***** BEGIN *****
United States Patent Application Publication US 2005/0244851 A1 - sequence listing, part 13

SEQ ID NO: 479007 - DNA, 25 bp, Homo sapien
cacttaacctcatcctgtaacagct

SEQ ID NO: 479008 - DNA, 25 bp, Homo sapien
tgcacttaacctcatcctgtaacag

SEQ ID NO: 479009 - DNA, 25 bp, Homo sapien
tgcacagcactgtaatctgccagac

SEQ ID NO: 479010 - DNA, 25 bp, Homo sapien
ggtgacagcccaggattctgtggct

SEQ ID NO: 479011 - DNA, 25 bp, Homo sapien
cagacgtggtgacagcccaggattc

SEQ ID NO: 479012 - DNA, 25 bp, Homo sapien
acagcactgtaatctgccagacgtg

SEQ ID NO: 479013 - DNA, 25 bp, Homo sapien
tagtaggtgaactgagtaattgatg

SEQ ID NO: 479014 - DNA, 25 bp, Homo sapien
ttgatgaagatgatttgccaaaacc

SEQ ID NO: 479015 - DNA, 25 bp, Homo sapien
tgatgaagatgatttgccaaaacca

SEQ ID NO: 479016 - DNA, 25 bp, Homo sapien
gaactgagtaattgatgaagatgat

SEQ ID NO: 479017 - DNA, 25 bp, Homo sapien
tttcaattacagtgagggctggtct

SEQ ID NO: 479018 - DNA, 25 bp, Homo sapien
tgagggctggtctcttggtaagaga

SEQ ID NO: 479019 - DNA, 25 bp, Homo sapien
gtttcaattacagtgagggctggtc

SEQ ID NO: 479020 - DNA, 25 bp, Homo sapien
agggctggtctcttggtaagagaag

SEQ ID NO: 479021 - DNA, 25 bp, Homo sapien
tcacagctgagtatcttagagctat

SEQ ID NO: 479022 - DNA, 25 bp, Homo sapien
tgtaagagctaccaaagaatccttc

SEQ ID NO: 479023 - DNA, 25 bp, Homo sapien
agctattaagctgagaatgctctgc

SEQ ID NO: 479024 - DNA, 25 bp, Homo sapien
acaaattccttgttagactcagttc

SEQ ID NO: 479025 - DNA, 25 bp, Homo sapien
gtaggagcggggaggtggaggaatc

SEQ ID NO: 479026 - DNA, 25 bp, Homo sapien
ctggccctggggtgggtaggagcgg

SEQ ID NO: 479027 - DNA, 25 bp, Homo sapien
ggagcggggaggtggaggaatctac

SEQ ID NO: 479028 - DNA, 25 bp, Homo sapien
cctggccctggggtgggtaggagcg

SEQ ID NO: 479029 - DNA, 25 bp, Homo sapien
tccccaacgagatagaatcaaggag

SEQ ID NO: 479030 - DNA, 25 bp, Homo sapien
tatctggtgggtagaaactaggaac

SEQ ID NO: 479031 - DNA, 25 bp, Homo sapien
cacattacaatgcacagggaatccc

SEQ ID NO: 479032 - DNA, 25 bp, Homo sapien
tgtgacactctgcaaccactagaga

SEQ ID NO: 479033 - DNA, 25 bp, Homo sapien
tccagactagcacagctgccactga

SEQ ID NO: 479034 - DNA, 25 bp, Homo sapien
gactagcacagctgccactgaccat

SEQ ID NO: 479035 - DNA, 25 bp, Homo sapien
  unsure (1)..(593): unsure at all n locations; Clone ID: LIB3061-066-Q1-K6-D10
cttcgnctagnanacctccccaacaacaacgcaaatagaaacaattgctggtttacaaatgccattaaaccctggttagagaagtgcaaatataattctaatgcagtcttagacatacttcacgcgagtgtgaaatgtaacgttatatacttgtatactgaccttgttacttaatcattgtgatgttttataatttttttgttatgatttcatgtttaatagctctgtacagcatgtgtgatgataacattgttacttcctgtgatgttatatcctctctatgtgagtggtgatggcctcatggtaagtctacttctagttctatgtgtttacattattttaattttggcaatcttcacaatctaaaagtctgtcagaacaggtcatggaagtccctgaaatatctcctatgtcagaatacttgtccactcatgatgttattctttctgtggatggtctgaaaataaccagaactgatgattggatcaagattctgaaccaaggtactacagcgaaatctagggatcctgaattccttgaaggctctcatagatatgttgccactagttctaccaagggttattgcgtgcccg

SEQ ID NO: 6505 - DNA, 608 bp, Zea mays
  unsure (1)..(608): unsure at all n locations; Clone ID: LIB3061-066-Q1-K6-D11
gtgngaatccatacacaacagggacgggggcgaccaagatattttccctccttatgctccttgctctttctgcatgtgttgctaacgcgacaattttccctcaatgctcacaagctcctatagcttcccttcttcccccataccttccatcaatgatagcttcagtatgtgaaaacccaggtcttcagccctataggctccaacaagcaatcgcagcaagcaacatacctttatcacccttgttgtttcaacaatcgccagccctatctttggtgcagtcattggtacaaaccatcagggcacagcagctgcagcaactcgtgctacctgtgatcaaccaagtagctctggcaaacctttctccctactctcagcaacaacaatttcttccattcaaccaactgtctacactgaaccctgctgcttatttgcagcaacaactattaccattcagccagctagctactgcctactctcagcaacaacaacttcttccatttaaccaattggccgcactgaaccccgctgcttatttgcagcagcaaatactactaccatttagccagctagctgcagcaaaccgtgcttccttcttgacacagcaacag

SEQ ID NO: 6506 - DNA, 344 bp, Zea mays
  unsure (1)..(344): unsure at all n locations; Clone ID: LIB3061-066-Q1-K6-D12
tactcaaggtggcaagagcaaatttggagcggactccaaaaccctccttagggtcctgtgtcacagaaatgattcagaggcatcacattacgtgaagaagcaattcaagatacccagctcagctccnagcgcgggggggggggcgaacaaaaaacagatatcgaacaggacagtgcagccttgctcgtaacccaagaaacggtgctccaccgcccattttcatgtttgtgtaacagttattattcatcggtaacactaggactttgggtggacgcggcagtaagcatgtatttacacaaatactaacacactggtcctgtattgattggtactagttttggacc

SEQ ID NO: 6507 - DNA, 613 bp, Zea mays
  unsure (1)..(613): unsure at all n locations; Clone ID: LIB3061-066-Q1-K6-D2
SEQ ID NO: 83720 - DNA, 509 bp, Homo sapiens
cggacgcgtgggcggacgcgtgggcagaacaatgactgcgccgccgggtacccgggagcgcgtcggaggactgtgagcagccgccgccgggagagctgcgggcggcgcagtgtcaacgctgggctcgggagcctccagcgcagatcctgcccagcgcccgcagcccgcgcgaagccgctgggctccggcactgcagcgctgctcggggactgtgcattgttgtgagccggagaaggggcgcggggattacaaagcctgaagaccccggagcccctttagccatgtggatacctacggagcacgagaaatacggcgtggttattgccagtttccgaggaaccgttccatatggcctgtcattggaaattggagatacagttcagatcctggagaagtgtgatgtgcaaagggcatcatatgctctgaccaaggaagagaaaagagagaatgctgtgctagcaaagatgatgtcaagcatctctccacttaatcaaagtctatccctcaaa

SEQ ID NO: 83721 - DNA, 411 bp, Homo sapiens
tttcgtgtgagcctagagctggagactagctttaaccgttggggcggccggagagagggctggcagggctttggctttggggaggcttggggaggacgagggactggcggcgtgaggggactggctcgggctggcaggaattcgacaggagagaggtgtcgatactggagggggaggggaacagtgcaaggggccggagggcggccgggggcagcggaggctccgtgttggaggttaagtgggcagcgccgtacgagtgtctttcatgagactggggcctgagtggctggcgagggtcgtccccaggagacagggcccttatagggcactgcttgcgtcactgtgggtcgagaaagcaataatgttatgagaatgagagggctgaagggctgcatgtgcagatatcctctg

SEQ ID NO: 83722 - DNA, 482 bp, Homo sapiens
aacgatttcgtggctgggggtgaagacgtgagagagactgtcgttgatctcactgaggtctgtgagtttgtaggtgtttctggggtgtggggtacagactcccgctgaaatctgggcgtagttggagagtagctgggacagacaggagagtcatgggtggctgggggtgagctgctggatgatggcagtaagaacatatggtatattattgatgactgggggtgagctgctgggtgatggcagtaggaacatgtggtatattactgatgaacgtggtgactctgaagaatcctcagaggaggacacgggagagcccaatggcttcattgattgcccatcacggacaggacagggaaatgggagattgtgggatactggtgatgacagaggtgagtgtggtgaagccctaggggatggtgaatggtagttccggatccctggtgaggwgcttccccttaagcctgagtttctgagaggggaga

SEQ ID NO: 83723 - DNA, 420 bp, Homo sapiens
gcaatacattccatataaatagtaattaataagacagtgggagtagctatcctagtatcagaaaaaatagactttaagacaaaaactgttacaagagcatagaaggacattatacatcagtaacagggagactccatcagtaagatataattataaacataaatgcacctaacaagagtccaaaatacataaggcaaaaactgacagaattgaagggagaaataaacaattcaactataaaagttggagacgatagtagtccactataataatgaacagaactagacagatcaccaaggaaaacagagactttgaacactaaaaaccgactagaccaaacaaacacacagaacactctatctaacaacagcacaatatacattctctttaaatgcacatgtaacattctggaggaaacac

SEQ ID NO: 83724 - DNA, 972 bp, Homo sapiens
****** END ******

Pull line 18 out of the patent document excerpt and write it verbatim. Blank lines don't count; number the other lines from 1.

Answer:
SEQ ID NO: 479015 - DNA, 25 bp, Homo sapien